Ecology of marine phytoplankton

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Ecology and the Environment, 2014, pp. 483 - 531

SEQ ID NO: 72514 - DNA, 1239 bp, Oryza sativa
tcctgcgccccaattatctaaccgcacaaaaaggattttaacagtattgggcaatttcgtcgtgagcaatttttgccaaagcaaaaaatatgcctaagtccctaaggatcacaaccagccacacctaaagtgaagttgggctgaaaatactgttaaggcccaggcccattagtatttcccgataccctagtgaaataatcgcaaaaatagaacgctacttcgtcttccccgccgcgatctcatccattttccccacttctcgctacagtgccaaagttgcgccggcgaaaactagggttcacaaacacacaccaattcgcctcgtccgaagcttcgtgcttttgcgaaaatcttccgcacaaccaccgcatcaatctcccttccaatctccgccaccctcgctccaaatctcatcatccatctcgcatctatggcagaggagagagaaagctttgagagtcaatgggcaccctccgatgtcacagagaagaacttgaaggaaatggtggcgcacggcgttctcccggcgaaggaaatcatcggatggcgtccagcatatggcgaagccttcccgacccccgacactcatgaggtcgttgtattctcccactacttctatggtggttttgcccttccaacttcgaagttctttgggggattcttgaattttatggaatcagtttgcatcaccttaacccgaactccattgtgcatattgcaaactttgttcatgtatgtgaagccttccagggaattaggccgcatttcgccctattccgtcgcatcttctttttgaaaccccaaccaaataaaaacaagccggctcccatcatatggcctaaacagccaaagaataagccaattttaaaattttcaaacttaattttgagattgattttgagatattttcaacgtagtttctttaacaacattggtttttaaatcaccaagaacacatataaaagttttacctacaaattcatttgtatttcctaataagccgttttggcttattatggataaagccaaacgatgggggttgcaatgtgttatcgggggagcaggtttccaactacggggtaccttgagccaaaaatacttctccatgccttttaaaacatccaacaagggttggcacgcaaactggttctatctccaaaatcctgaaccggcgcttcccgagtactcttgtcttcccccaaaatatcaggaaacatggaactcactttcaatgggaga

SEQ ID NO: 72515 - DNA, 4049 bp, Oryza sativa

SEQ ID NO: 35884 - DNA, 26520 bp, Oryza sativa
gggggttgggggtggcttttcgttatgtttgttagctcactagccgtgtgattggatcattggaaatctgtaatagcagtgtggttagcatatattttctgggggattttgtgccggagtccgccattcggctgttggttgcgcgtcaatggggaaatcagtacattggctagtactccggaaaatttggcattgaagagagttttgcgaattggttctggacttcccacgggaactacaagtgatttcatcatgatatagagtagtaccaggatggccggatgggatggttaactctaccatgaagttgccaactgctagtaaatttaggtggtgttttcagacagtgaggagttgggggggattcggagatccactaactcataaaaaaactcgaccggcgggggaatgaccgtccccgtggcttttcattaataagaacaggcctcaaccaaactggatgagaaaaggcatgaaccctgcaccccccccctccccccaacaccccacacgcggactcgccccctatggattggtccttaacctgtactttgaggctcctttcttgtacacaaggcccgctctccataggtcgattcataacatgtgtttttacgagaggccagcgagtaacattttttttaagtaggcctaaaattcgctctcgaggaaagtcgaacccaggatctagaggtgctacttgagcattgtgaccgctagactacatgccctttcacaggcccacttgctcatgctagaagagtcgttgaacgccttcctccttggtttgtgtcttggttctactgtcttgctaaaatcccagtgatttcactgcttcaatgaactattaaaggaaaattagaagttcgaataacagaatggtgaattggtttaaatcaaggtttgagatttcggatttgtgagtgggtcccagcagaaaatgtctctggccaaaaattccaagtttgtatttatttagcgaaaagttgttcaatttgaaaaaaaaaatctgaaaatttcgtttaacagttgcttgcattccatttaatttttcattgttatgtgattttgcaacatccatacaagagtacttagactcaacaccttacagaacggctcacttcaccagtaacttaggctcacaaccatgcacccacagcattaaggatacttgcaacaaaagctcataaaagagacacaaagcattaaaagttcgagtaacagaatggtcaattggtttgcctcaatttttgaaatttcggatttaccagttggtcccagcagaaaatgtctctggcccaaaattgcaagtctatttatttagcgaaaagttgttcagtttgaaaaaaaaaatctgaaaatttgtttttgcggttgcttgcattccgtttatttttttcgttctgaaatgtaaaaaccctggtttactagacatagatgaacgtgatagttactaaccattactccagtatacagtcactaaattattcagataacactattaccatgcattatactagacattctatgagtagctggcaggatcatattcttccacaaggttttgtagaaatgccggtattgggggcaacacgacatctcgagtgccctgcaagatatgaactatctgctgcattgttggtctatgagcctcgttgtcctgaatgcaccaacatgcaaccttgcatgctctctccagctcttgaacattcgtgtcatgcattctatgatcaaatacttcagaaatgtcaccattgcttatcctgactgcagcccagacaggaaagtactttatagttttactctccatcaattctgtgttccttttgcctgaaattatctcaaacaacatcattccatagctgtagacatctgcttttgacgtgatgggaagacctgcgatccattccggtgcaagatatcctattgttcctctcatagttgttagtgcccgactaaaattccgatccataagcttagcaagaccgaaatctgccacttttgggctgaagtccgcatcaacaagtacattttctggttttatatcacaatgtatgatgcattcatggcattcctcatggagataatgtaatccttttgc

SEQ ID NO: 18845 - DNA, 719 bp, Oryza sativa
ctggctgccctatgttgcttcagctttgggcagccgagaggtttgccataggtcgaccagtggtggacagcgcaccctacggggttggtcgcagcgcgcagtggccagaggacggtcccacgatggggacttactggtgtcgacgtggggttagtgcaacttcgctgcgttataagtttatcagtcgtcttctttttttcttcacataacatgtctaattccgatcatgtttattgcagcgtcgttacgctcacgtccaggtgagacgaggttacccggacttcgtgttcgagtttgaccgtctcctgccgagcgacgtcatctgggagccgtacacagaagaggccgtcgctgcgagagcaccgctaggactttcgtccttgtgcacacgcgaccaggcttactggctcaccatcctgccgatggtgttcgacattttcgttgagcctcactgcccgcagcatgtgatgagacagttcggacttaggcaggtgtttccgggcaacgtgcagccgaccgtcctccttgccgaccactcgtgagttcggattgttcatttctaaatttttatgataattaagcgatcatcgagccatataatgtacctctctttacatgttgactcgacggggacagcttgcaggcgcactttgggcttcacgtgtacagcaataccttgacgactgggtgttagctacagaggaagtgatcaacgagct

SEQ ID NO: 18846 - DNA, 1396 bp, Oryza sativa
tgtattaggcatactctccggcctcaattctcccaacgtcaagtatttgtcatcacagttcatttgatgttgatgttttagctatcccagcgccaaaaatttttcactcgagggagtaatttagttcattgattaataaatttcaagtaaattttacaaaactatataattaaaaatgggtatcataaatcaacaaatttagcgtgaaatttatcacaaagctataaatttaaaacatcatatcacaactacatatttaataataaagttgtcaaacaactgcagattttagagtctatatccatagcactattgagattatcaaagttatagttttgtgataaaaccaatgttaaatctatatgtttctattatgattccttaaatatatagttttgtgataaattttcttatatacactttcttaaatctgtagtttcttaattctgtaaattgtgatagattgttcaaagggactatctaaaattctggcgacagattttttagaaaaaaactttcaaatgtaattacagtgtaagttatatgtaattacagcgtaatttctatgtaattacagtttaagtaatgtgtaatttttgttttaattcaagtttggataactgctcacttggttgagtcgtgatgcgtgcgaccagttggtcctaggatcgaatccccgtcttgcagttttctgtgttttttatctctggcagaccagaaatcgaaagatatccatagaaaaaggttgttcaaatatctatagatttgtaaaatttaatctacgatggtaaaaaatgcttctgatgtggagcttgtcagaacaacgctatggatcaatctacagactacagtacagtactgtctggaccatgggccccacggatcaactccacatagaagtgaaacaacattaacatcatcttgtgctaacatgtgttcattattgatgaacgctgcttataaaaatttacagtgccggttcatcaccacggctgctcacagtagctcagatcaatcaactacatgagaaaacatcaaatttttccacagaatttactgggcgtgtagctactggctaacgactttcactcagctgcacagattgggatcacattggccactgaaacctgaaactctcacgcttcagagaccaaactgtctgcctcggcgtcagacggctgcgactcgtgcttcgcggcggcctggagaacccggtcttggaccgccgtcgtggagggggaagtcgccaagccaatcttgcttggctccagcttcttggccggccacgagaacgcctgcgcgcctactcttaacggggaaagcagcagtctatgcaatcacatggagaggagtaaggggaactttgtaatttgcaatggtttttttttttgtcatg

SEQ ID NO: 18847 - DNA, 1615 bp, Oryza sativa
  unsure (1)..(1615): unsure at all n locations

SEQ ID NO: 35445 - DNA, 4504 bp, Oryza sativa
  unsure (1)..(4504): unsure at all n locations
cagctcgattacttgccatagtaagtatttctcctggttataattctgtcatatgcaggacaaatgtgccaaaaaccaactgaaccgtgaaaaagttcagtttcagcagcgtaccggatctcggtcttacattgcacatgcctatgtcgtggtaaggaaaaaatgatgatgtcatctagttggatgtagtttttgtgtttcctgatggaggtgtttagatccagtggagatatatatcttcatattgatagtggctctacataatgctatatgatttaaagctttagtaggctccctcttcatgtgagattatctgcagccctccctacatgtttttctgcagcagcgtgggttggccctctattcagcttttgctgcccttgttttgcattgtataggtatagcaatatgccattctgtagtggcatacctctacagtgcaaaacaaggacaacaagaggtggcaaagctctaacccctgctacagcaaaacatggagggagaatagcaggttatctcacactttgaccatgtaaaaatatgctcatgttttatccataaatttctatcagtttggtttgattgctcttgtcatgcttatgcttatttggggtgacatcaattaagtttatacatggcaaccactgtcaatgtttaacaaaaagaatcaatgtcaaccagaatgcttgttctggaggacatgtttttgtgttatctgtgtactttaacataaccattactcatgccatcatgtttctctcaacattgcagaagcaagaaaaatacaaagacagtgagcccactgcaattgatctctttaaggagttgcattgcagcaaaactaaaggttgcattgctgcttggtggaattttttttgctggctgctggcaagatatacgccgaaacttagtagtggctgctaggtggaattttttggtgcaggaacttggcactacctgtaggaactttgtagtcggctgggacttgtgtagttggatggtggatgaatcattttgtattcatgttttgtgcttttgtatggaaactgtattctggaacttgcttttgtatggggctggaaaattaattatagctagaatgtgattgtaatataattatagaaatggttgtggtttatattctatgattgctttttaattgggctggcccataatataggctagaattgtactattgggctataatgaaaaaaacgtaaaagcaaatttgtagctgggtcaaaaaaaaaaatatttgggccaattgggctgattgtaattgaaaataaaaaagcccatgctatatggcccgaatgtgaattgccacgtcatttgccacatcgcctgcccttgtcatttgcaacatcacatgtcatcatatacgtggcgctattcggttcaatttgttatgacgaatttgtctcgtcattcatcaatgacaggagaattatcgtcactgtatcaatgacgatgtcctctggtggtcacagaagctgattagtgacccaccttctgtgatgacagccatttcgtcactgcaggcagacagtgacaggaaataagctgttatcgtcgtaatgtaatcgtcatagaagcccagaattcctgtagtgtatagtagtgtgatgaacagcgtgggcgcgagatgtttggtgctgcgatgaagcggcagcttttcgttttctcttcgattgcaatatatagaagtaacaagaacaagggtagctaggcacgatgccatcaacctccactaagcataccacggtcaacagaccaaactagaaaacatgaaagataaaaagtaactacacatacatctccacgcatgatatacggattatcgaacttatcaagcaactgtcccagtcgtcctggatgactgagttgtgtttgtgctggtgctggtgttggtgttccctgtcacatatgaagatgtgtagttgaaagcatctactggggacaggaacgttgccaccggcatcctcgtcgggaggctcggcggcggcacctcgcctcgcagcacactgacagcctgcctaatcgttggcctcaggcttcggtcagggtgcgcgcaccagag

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© Springer Science+Business Media New York 2014. Marine phytoplankton account for about 45 % of global net primary production (NPP). In addition, they perform other important biogeochemical functions including nitrogen fixation, calcium carbonate precipitation, and the production of climatically active gases such as dimethyl sulfide. Oceanographers employ a wide variety of platforms for studying marine phytoplankton ecology, including sampling from ships, sampling from autonomous remotely operated vehicles, and collecting observations from Earthorbiting satellites. Marine phytoplankton range in size from <1μm in diameter to about 1 mm in length and include representatives from at least five eukaryotic phyla together with the cyanobacteria. This wide size range and phylogenetic diversity presents challenges for quantifying and characterizing phytoplankton communities. Functional traits that quantify responses of growth rate, photosynthesis and nutrient uptake to temperature, irradiance, and nutrient availability provide a useful basis for understanding phytoplankton ecology. A variety of complementary approaches are used to measure gross and net primary production. These include measuring production of O2 and organic matter in bottle experiments and measuring diel and seasonal changes of O2 in open waters. Information obtained from satellite remote sensing of ocean color is used to calculate NPP on regional and global scales. The physical and chemical variables that drive NPP include temperature, nutrient availability, and solar radiation. These vary in time and space, and our understanding of this variability is largely encapsulated in the concepts of the seasonal production cycle and marine biogeochemical provinces. Nutrient limitation sets an upper limit to NPP over most of the ocean surface, with either inorganic iron or nitrogen being the proximate limiting element in different regions. The upper water column is stably stratified over much of the ocean, and pronounced vertical gradients of light and nutrients lead to depth separation of ecotypes with differing adaptations to nutrient availability and the light environment. Although the growth of individual phytoplankton cells is often limited by temperature and the availability of nutrients and light, biotic interactions including predation and disease often control the growth of phytoplankton populations and the species composition of phytoplankton communities. Anthropogenic impacts on the ocean, including nutrient loading to coastal waters, climatic forcing associated with global warming, and ocean uptake of anthropogenic CO2, are influencing the chemistry and physics of the upper ocean, with multiple potential impacts on the phytoplankton.
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